I’m just going to say it , straight out,  Math is hard to teach, even in first grade.  Students seem to love it or hate it – not many fall in between.  You have those kids who struggle and  you have those kids who seem to know everything.  This school year, our schools math specialist started a bi- weekly math challenge.  Just the word challenge seemed to motivate my students and so we did it, regularly, every 2 weeks.  My students did well,  (getting the answers)  but what I did better as a teacher  was to ask ask more questions.  How do you know that’s the right answer?  Could there be a different answer?  Show me your thinking!  So by the time we got to Math Challenge 12 , I was really on auto pilot.  It was the first Monday after spring break and I have to say I grabbed the math challenge  and thought “perfect,  an already planned lesson.  Let’s go! ”  I put the problem on the overhead,  read it, heard my students  say “this will be an easy one” and they grabbed their pencils and went to work.  And then, as usual, I watched my “high” math students finish quickly and one by one the rest finished too. We moved on with our day.   It wasn’t until that afternoon that I went over their work.  And while shocked may  be a bit of an overstatement – it really was close to what I was feeling when I realized that all of my students but two, got the problem wrong.

  
Hmm.  What did I do wrong?  In my classroom we have spent the year talking about doing our best, persisting through hard tasks and rising to a challenge. The book, A Mindset for Learning by   Kristine Mraz and Christine Hertz  has helped my students learn that growing our brains is going to make us more successful in life.  So the next day – this was the morning message that greeted my students.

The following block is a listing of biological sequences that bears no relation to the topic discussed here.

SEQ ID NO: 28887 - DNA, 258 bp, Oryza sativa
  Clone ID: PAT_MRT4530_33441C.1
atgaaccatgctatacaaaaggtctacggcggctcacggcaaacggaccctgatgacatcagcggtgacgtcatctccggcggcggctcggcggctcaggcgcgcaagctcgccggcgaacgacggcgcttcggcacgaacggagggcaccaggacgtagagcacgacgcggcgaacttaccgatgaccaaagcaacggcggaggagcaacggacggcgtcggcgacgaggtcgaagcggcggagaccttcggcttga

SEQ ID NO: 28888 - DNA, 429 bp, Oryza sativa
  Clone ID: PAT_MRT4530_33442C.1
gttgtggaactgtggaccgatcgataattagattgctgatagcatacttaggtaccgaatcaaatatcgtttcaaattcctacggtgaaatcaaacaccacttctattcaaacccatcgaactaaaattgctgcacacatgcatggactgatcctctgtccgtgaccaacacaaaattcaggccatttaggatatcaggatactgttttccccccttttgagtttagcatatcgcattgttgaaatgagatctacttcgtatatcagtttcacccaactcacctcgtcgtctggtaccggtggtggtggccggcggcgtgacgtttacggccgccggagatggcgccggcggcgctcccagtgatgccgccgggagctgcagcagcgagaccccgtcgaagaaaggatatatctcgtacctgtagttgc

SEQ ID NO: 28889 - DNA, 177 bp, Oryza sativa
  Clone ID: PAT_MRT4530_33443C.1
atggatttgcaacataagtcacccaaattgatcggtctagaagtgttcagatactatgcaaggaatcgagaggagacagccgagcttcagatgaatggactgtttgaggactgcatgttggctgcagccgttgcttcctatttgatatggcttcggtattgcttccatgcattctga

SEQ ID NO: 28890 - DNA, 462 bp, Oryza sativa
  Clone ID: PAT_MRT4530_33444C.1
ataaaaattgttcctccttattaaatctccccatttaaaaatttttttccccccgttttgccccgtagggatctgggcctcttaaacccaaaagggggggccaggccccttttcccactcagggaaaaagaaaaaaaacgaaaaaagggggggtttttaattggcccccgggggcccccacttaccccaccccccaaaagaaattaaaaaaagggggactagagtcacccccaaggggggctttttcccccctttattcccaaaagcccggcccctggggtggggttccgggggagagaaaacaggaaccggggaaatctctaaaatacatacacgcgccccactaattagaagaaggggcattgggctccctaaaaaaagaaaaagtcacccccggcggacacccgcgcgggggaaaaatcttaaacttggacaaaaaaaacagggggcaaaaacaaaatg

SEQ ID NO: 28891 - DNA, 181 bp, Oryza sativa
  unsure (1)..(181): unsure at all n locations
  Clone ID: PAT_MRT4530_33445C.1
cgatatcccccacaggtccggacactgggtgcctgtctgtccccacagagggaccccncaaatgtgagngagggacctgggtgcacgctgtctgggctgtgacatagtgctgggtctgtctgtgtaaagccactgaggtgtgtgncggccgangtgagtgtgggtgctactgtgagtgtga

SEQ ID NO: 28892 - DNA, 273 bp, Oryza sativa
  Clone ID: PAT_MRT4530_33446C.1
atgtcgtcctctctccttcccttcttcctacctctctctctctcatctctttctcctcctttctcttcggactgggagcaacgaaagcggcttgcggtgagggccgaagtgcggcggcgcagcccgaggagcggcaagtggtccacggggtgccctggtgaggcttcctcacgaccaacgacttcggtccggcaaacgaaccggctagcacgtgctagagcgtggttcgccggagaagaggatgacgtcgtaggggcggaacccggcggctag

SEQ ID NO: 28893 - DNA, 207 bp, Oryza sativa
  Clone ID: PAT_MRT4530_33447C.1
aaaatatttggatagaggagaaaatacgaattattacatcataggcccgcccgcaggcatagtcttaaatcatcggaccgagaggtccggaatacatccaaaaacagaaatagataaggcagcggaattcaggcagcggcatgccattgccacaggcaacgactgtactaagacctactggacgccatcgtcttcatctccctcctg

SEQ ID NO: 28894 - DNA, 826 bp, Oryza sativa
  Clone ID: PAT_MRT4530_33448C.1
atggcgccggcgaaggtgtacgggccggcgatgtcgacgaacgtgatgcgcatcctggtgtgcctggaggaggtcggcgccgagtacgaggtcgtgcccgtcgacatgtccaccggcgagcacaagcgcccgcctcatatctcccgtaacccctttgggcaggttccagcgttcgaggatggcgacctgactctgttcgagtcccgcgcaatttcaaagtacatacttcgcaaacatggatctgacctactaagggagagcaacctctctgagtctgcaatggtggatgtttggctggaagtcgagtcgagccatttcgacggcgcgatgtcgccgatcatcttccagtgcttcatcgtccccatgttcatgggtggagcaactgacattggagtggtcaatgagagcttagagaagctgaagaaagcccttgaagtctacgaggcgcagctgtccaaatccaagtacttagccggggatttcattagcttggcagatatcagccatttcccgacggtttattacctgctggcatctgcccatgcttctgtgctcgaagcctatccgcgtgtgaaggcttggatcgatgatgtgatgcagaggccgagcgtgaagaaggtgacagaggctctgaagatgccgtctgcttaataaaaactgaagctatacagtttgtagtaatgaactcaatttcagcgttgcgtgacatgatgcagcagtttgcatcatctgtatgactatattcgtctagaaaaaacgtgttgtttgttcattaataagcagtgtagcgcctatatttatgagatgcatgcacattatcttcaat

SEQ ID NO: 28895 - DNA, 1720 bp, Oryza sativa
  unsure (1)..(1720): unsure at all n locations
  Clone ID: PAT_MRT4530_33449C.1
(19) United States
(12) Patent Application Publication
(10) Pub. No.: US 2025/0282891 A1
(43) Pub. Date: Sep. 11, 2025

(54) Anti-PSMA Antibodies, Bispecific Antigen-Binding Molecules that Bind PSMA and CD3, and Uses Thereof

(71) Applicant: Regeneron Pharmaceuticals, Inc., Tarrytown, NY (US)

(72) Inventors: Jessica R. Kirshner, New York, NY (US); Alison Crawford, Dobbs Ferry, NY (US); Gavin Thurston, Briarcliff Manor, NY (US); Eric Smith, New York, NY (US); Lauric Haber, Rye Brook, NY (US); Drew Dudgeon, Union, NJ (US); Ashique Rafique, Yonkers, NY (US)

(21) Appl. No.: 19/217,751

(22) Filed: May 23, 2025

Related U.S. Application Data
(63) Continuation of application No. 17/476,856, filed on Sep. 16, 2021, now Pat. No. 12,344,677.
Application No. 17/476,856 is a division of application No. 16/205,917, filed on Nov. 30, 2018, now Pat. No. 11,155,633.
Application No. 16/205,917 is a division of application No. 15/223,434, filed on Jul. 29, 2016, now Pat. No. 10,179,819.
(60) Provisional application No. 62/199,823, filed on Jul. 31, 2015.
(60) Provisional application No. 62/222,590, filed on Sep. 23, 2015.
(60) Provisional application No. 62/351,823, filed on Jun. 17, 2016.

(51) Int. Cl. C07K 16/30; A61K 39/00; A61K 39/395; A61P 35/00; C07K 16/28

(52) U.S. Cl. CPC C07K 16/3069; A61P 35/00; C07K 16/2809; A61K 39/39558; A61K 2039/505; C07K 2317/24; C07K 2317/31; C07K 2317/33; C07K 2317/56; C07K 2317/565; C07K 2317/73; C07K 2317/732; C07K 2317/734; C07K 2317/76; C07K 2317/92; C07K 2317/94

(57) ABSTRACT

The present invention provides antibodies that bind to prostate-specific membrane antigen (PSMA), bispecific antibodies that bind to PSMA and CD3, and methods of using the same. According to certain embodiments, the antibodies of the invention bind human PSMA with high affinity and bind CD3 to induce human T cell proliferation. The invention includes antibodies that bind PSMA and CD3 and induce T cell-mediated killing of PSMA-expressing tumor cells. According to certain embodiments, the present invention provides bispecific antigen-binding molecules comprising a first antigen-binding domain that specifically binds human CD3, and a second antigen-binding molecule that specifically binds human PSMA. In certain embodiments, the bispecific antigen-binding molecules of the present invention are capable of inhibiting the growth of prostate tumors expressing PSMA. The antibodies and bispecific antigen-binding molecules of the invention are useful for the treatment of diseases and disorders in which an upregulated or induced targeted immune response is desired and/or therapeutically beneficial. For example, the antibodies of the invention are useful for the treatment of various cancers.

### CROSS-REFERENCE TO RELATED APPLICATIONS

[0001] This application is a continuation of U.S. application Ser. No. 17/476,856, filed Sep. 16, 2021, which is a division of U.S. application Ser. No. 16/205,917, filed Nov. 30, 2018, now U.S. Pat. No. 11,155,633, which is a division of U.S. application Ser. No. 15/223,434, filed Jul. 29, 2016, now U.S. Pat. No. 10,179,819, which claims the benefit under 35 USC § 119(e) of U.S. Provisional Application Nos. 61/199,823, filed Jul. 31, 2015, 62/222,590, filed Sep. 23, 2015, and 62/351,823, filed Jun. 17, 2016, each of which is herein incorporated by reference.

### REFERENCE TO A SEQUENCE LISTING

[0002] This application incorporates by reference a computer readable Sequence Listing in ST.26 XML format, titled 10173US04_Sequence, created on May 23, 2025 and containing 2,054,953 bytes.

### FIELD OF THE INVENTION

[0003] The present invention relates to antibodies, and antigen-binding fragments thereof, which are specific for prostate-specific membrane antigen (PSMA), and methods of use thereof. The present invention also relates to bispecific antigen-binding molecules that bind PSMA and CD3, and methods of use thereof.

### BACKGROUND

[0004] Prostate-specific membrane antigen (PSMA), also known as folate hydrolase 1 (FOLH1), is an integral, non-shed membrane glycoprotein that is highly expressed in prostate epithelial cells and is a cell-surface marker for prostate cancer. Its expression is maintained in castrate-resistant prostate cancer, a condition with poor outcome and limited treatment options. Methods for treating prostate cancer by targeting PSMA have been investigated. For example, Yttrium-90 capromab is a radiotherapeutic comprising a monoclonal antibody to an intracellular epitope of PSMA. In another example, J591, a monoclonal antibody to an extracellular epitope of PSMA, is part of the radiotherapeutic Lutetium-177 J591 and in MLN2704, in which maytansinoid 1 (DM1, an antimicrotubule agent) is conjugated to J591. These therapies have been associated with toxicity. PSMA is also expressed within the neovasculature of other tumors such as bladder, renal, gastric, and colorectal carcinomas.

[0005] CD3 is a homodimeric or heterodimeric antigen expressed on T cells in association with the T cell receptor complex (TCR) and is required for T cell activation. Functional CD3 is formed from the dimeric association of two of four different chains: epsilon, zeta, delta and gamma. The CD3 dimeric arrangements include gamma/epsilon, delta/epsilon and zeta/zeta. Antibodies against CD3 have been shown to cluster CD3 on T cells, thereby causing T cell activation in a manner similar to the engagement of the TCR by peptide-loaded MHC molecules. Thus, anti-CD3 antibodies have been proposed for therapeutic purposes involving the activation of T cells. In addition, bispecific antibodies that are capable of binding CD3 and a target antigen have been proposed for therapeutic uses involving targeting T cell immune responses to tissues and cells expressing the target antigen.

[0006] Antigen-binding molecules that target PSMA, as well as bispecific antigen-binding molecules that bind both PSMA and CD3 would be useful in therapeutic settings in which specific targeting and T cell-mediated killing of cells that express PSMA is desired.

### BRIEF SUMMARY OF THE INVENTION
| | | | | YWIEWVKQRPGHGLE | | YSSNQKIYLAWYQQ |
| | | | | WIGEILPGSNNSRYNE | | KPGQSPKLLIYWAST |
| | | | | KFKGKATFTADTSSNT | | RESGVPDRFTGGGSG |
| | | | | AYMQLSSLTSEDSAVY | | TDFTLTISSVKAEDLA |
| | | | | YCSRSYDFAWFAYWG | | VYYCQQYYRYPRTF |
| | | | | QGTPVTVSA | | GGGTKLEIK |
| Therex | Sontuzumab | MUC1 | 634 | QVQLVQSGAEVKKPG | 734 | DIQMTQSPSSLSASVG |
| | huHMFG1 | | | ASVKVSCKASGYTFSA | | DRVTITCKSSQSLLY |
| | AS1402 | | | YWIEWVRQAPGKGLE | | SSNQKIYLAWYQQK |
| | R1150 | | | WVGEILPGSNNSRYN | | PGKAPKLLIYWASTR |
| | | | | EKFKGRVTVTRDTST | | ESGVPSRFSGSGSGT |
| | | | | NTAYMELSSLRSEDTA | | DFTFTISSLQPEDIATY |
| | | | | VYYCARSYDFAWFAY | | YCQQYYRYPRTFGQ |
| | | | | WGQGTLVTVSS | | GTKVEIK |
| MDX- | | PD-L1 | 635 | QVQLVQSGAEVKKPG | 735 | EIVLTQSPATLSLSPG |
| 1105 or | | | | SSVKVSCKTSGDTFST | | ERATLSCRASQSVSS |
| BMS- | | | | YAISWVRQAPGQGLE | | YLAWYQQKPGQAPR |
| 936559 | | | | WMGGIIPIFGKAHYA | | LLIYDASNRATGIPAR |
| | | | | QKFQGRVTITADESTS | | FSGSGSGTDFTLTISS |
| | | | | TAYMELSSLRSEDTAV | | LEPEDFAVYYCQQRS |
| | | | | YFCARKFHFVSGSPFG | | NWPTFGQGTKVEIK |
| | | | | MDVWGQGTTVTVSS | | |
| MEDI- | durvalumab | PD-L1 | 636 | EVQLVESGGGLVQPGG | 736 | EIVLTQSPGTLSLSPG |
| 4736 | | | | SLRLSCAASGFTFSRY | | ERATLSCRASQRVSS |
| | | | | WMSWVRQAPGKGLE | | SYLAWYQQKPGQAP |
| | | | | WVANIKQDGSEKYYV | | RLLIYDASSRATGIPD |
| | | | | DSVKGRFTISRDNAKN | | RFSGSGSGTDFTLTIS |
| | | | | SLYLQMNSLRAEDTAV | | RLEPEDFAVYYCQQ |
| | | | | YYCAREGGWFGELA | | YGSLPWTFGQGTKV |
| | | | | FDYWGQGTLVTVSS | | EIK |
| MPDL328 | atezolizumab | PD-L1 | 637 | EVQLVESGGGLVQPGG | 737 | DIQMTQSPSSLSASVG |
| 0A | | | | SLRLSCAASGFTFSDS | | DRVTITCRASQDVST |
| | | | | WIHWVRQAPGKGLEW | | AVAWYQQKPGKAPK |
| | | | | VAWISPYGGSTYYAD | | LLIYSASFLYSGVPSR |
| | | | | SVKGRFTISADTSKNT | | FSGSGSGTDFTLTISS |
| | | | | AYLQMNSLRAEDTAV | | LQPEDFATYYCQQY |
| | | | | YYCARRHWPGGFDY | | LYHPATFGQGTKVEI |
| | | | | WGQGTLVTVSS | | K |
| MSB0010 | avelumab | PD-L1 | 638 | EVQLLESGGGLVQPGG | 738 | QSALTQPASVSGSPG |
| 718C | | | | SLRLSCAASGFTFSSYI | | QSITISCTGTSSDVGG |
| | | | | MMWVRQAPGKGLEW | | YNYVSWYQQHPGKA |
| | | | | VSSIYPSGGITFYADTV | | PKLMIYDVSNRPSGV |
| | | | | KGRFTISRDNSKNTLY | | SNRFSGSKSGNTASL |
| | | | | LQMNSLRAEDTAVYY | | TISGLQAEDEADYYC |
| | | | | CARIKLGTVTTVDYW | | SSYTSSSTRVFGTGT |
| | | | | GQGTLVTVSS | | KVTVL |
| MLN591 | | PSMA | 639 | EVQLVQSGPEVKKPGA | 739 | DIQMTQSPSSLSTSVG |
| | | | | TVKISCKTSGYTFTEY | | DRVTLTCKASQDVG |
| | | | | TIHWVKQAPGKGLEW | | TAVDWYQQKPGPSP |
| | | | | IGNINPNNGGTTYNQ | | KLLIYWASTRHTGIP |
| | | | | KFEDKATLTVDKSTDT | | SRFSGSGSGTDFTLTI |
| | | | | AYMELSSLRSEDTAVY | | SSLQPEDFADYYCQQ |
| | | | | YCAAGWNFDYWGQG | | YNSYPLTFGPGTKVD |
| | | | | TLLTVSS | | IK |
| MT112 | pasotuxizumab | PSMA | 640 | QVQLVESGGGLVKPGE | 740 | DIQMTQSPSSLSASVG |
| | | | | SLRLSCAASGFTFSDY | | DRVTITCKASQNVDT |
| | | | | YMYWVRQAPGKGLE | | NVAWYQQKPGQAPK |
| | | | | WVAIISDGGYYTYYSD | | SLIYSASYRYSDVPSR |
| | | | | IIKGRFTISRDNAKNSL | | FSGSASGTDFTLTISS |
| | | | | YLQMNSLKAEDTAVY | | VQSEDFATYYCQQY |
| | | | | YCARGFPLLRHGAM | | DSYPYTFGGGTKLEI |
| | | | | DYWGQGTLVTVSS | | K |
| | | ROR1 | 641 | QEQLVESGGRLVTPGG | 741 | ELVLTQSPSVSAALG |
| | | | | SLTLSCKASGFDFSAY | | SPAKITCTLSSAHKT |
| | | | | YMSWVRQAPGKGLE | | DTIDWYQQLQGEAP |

But first we would practice a new brain grower-  Resilience, “When you have trouble, you bounce back and try again.”   During this conversation, my students admitted that the challenge was hard and they too were tired after spring break.  They promised to  start again  and when they finished , they would grab the 2nd challenge as well  ( There is always 2 challenges – Level A and Level B) . And of course, they would show their thinking.  This time they grabbed their pencils, math manipulatives  and went to work.   

 And one hour later, students were still working. 

 And by working I mean real work.  The answers didn’t come easy and no one was copying anyone else’s work.  Soon  the students who were struggling the most were working in groups and I got out my phone to ask a few how they were feeling.

  
Today, I’m looking over their work once again  before sending it on to our Math Specialist.  She will pick a “winner” for our primary and our  3,4,5 students.  

 
   I believe we proved that we are persistent and resilient in @MsMecksClass even if all that  math thinking comes with a price.   

~Molly